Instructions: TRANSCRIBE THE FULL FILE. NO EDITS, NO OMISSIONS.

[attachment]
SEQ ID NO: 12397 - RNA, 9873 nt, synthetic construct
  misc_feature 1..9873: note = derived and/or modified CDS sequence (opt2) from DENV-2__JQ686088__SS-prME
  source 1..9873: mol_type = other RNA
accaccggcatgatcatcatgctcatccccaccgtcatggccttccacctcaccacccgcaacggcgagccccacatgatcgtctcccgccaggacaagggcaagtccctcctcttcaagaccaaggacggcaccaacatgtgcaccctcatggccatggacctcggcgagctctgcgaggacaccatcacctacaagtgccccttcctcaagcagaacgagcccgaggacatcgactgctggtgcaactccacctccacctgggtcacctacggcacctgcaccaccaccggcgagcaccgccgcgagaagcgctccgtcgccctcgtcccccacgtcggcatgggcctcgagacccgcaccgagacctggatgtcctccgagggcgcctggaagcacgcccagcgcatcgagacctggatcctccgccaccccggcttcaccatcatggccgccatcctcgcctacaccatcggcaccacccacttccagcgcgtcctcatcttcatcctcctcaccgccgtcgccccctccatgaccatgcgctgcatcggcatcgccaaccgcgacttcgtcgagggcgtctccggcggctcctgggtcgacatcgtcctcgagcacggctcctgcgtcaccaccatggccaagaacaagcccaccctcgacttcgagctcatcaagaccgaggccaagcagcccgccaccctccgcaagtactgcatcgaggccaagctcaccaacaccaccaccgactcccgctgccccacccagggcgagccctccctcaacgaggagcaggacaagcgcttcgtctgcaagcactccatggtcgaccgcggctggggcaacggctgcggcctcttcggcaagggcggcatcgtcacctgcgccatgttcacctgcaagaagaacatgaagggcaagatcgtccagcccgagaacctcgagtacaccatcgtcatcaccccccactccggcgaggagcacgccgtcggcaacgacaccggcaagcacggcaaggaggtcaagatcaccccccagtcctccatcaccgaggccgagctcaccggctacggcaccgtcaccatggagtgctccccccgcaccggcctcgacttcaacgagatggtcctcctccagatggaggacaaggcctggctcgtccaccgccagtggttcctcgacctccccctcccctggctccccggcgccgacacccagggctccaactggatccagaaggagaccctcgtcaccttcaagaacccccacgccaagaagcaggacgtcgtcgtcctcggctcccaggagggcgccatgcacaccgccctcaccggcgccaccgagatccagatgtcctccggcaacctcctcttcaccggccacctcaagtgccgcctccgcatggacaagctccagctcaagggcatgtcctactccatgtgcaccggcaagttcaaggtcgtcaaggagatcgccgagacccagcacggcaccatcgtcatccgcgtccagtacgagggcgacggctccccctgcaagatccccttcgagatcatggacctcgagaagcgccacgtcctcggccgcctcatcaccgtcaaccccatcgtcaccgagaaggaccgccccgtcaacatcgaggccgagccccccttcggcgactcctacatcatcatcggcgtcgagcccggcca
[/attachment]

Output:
SEQ ID NO: 12397 - RNA, 9873 nt, synthetic construct
  misc_feature 1..9873: note = derived and/or modified CDS sequence (opt2) from DENV-2__JQ686088__SS-prME
  source 1..9873: mol_type = other RNA
accaccggcatgatcatcatgctcatccccaccgtcatggccttccacctcaccacccgcaacggcgagccccacatgatcgtctcccgccaggacaagggcaagtccctcctcttcaagaccaaggacggcaccaacatgtgcaccctcatggccatggacctcggcgagctctgcgaggacaccatcacctacaagtgccccttcctcaagcagaacgagcccgaggacatcgactgctggtgcaactccacctccacctgggtcacctacggcacctgcaccaccaccggcgagcaccgccgcgagaagcgctccgtcgccctcgtcccccacgtcggcatgggcctcgagacccgcaccgagacctggatgtcctccgagggcgcctggaagcacgcccagcgcatcgagacctggatcctccgccaccccggcttcaccatcatggccgccatcctcgcctacaccatcggcaccacccacttccagcgcgtcctcatcttcatcctcctcaccgccgtcgccccctccatgaccatgcgctgcatcggcatcgccaaccgcgacttcgtcgagggcgtctccggcggctcctgggtcgacatcgtcctcgagcacggctcctgcgtcaccaccatggccaagaacaagcccaccctcgacttcgagctcatcaagaccgaggccaagcagcccgccaccctccgcaagtactgcatcgaggccaagctcaccaacaccaccaccgactcccgctgccccacccagggcgagccctccctcaacgaggagcaggacaagcgcttcgtctgcaagcactccatggtcgaccgcggctggggcaacggctgcggcctcttcggcaagggcggcatcgtcacctgcgccatgttcacctgcaagaagaacatgaagggcaagatcgtccagcccgagaacctcgagtacaccatcgtcatcaccccccactccggcgaggagcacgccgtcggcaacgacaccggcaagcacggcaaggaggtcaagatcaccccccagtcctccatcaccgaggccgagctcaccggctacggcaccgtcaccatggagtgctccccccgcaccggcctcgacttcaacgagatggtcctcctccagatggaggacaaggcctggctcgtccaccgccagtggttcctcgacctccccctcccctggctccccggcgccgacacccagggctccaactggatccagaaggagaccctcgtcaccttcaagaacccccacgccaagaagcaggacgtcgtcgtcctcggctcccaggagggcgccatgcacaccgccctcaccggcgccaccgagatccagatgtcctccggcaacctcctcttcaccggccacctcaagtgccgcctccgcatggacaagctccagctcaagggcatgtcctactccatgtgcaccggcaagttcaaggtcgtcaaggagatcgccgagacccagcacggcaccatcgtcatccgcgtccagtacgagggcgacggctccccctgcaagatccccttcgagatcatggacctcgagaagcgccacgtcctcggccgcctcatcaccgtcaaccccatcgtcaccgagaaggaccgccccgtcaacatcgaggccgagccccccttcggcgactcctacatcatcatcggcgtcgagcccggcca